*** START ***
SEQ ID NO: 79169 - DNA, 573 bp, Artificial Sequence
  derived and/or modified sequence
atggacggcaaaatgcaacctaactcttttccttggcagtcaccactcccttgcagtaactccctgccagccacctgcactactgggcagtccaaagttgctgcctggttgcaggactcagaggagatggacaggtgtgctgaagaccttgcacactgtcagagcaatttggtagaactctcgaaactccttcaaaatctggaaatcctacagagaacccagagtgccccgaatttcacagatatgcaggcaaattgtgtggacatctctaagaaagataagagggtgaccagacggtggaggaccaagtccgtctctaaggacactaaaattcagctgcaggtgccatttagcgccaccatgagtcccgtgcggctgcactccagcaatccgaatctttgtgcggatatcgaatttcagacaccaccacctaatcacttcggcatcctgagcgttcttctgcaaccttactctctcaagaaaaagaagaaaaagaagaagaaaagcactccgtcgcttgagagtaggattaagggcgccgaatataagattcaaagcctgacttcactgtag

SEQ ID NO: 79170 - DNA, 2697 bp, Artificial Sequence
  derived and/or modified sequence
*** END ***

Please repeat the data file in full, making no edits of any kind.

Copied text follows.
SEQ ID NO: 79169 - DNA, 573 bp, Artificial Sequence
  derived and/or modified sequence
atggacggcaaaatgcaacctaactcttttccttggcagtcaccactcccttgcagtaactccctgccagccacctgcactactgggcagtccaaagttgctgcctggttgcaggactcagaggagatggacaggtgtgctgaagaccttgcacactgtcagagcaatttggtagaactctcgaaactccttcaaaatctggaaatcctacagagaacccagagtgccccgaatttcacagatatgcaggcaaattgtgtggacatctctaagaaagataagagggtgaccagacggtggaggaccaagtccgtctctaaggacactaaaattcagctgcaggtgccatttagcgccaccatgagtcccgtgcggctgcactccagcaatccgaatctttgtgcggatatcgaatttcagacaccaccacctaatcacttcggcatcctgagcgttcttctgcaaccttactctctcaagaaaaagaagaaaaagaagaagaaaagcactccgtcgcttgagagtaggattaagggcgccgaatataagattcaaagcctgacttcactgtag

SEQ ID NO: 79170 - DNA, 2697 bp, Artificial Sequence
  derived and/or modified sequence